Plus, get a copy of Tony’s Pick Things Up, a quick-tip guide to everything deadlift-related. See his butt? Yeah. It’s good. You should probably listen to him if you have any hope of getting a butt that good.I don’t share email information. Ever. Because I’m not a jerk.
Back tweaks are an inevitability.
They happen to people who lifts weights regularly, and those who just look at weights. They happen when doing something as inane as bending over to tie your shoes, as well as when you’re doing some less inane, like, fighting crime at night.
They happen on a Wednesday.
There’s no way to predict when they’ll happen, they just will. Especially if you’re someone who’s had the unfortunate misfortune of it happening once or twice (or many times) in the past.
What can you do when this happens?
This happened to me several months ago.
The culprit wasn’t anything “cool” like a 1-rep max, or, I don’t know, wrestling a lumberjack.
Nope. Not even close.
This time it came about doing nothing more than bending over to perform my last set of Landmine Rows. As soon as I grabbed the handle I felt that slight zappy “zzzzzzzzzzz” feeling in my lower back and it seized up.
I was hoping to persevere and follow suite with my normal coaching schedule with clients, but it became apparent I was going to be uncomfortable the rest of the day. I went home a little early, stayed horizontal with a heating pad, caught up on all the episodes of Atlanta I hadn’t watched yet (season 3 has been spectacular if you ask me), and woke up the following morning feeling marginally better.
I skipped my scheduled training session that day, but didn’t skip it altogether. Instead I elected to follow my own advice and went into #findyourtrainablemenu mode.
I.e., focusing on what I COULD do rather that what I COULDN’T.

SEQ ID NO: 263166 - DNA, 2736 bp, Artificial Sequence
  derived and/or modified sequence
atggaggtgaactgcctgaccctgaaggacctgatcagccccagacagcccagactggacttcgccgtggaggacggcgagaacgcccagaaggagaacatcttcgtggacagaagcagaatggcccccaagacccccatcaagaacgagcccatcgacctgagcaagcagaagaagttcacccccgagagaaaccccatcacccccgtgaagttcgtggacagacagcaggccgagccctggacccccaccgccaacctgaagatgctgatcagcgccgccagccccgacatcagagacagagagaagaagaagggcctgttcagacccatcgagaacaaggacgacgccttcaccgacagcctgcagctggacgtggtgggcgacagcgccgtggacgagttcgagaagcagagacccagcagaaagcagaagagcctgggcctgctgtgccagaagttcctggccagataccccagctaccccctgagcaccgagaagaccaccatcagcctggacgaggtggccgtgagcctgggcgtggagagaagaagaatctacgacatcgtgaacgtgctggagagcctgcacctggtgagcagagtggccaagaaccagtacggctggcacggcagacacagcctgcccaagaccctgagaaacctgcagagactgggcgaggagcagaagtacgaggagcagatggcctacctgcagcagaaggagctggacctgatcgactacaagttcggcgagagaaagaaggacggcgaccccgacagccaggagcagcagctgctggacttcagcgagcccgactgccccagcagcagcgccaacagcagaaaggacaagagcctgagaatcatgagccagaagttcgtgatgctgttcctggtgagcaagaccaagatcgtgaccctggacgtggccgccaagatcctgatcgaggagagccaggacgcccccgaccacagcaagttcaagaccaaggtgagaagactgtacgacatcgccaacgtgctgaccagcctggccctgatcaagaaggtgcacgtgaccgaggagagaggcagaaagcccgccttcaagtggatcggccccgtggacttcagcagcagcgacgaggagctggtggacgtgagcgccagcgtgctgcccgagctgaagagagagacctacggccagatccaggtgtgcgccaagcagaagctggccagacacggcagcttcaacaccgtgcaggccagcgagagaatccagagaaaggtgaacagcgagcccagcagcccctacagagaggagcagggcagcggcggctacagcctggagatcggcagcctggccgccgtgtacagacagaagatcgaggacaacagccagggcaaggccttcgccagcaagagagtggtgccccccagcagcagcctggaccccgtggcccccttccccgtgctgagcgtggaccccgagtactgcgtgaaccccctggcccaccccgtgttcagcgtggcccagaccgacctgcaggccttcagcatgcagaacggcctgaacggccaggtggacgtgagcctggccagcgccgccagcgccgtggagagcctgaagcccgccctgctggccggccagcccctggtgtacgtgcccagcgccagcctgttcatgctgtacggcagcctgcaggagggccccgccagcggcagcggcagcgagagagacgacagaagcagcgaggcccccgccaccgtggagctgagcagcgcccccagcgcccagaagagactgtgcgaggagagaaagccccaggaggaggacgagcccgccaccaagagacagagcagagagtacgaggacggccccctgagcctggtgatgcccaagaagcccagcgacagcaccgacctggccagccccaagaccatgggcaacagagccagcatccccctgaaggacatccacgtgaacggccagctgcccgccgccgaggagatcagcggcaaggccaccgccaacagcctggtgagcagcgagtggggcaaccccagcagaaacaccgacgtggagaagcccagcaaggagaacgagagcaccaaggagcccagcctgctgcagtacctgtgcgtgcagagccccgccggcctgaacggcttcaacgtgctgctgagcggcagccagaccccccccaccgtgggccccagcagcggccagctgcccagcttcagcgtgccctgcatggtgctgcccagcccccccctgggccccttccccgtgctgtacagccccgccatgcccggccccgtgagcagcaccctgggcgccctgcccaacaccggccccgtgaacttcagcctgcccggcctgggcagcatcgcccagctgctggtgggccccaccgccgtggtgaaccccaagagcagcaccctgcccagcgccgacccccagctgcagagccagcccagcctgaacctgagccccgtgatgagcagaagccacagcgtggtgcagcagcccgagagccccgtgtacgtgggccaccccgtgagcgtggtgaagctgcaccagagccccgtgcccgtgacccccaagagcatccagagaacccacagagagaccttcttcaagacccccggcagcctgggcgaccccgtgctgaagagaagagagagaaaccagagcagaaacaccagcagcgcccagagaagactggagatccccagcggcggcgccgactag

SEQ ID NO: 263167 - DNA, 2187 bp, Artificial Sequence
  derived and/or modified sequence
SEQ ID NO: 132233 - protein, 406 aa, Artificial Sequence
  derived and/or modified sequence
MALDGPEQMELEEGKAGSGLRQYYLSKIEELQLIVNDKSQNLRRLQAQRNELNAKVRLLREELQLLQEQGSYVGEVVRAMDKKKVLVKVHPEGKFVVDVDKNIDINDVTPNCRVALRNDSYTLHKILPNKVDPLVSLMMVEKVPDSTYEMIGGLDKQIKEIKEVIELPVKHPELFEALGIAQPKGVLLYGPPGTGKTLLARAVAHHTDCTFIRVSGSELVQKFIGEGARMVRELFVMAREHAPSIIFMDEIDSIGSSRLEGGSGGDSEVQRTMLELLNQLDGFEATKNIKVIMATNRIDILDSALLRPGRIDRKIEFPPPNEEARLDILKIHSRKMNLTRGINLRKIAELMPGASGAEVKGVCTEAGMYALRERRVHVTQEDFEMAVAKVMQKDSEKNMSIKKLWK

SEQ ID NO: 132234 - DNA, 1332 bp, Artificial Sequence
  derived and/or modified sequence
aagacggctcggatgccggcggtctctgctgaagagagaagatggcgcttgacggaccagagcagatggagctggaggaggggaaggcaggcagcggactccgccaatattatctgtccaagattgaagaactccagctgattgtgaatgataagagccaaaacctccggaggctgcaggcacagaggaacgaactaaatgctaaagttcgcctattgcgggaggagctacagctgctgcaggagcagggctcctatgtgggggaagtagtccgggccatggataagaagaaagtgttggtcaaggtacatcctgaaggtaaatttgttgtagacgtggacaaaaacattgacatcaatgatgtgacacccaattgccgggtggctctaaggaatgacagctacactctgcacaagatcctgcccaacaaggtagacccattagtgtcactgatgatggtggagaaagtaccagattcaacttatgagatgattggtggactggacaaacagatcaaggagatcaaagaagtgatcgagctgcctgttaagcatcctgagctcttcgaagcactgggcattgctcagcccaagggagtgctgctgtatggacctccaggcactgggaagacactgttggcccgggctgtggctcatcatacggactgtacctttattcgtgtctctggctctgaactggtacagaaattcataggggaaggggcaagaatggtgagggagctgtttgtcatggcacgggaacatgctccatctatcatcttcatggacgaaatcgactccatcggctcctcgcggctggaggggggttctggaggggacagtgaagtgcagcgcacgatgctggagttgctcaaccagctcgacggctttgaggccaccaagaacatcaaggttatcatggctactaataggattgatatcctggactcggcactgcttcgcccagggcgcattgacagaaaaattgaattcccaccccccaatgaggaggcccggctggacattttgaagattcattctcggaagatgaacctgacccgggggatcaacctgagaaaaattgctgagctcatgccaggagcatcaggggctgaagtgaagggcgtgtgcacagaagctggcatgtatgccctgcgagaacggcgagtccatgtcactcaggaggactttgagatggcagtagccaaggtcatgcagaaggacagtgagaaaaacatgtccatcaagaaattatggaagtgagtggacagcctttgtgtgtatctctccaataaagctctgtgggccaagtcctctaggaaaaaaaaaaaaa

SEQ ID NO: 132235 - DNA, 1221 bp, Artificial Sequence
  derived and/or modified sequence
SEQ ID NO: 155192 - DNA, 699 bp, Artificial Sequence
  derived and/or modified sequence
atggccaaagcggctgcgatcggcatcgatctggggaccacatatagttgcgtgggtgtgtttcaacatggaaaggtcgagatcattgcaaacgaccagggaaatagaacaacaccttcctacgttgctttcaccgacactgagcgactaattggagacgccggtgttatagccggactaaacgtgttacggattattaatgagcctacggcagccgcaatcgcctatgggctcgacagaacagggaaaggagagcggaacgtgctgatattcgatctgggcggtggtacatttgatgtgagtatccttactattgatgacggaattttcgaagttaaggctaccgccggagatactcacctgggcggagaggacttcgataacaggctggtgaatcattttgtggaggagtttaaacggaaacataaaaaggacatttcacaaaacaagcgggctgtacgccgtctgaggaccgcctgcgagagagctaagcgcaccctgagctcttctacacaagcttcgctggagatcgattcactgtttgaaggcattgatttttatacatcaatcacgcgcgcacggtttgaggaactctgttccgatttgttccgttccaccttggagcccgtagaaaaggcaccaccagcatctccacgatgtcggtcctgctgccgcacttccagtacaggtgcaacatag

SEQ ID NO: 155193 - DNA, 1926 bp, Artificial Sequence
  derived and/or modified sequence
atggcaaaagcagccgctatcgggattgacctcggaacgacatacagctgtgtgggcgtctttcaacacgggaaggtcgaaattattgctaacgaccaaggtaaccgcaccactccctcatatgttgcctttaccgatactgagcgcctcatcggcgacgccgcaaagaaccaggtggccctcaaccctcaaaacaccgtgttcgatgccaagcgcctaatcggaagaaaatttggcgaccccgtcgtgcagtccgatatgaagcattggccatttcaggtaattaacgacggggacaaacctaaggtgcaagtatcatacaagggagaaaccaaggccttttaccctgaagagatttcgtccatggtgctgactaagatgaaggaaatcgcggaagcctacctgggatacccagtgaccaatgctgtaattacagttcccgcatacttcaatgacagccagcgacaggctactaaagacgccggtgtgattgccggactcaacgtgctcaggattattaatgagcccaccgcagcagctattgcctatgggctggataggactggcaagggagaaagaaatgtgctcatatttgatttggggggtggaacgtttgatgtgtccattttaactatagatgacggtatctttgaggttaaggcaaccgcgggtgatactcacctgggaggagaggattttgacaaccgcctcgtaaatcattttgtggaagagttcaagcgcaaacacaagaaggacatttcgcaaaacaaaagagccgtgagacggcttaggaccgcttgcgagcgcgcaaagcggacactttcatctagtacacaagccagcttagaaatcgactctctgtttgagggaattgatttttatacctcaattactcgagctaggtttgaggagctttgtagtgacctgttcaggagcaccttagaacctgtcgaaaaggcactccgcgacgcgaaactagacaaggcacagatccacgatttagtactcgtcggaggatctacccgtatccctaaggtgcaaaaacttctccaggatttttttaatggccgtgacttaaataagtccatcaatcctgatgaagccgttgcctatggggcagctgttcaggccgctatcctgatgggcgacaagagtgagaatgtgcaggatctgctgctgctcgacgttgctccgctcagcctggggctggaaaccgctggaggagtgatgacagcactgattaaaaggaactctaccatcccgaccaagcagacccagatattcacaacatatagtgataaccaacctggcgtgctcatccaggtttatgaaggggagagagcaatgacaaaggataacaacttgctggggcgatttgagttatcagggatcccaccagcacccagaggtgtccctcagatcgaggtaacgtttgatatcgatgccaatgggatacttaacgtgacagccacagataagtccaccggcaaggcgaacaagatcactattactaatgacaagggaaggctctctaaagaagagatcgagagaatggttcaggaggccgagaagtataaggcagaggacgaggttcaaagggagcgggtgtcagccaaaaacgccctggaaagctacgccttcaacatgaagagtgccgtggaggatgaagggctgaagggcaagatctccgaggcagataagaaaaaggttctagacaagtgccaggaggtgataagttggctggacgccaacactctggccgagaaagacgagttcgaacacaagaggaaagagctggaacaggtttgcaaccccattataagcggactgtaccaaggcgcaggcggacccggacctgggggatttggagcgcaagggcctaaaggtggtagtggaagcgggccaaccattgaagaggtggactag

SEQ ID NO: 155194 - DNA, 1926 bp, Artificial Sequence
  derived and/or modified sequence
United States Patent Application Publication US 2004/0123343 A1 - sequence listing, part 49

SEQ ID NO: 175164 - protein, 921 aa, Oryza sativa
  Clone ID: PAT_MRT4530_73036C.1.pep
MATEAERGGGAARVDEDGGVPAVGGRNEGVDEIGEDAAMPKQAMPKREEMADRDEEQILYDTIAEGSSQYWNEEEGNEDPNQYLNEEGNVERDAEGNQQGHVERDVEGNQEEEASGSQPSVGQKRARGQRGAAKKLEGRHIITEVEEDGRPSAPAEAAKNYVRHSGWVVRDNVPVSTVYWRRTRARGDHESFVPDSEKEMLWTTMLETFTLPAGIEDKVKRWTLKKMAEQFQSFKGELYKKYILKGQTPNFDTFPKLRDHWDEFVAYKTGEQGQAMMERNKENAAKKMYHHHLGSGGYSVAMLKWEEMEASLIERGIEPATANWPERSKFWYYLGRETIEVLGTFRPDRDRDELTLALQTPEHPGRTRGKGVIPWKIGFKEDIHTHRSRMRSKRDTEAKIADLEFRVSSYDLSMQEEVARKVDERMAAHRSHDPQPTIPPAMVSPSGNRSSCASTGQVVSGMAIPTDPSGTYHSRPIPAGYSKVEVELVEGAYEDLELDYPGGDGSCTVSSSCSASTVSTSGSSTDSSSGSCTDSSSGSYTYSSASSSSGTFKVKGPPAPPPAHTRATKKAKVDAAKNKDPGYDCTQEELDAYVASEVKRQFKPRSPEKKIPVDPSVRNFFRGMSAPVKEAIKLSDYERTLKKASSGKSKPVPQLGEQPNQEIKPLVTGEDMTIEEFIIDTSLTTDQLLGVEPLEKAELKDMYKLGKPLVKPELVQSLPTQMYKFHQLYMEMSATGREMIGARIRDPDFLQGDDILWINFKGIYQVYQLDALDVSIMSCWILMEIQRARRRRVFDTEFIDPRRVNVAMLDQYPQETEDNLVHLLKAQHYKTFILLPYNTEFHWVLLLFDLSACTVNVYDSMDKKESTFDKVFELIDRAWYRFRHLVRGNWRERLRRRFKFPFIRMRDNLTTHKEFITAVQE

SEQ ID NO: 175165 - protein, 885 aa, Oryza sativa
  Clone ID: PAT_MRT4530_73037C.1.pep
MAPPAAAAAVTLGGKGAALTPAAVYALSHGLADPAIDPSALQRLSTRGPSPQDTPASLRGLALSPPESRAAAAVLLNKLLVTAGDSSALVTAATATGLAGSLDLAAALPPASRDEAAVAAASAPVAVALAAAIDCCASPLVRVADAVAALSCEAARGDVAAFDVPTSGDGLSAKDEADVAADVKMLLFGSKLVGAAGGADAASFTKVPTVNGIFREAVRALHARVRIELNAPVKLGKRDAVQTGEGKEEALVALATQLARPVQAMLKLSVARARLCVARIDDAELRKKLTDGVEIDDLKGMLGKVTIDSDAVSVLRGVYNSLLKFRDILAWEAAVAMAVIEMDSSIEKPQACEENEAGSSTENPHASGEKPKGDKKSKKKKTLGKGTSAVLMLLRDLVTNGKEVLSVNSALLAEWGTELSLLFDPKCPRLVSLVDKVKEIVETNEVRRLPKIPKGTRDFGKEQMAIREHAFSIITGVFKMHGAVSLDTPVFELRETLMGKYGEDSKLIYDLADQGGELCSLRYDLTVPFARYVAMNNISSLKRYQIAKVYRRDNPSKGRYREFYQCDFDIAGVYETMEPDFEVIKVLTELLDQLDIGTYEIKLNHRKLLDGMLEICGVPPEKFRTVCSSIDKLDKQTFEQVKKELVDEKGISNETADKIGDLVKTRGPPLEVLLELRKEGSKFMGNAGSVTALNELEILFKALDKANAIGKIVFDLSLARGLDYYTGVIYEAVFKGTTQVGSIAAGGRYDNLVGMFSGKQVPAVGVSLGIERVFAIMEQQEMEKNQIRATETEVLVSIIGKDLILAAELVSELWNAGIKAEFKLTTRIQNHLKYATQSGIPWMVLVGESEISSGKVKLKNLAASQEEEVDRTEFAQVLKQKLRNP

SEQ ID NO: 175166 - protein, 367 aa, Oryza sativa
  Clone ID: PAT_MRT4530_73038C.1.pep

I came up with a brief, albeit BALLER circuit that made my back feel infinitely better. And, in the months since, whenever someone reached out to me asking for advice (or if a client happened to tweak their back1) I’d often revert back to the circuit I laid out for myself and encourage them to follow it as well.
I had been meaning to share the circuit before now, but life has had an uncanny ability of late to get in the way of me doing any writing.
And by that I mean “I’ve been binge watching waaaay too much tv.”
It just so happens, however, that my wife had a bit of a low-back niggle during her training session the other day and I ended up forwarding her my “super secret” workout to tide her over for a few days
She loved it.
In fact, she sent me a text saying something to the effect of…
…”OMG, babe, this back circuit is the best. I am so grateful. In fact, I am so grateful that you never have to empty the dishwasher ever again. And we can watch WWII documentaries whenever you want. Also, let’s make out.”
(just a slight exaggeration there).2
Long story, short…below is the workout. There’s a degree of predictability and a host of exercises that won’t surprise anyone.
But who cares?!?
What works, works.
That said, there’s also a few that should be relatively new.
This falls into the “no big surprise” category, but it’s a drill that, when perfected, is an outstanding anterior core exercise (as well as one that helps to dissociate hip movement from LUMBAR movement).
Perform 8-10 repetition per side
This drill works both hip internal and external rotation simultaneously. Be sure to maintain a braced core throughout the set and really focus on moving through the hips and ramping up tension on the IR hold with each repetition.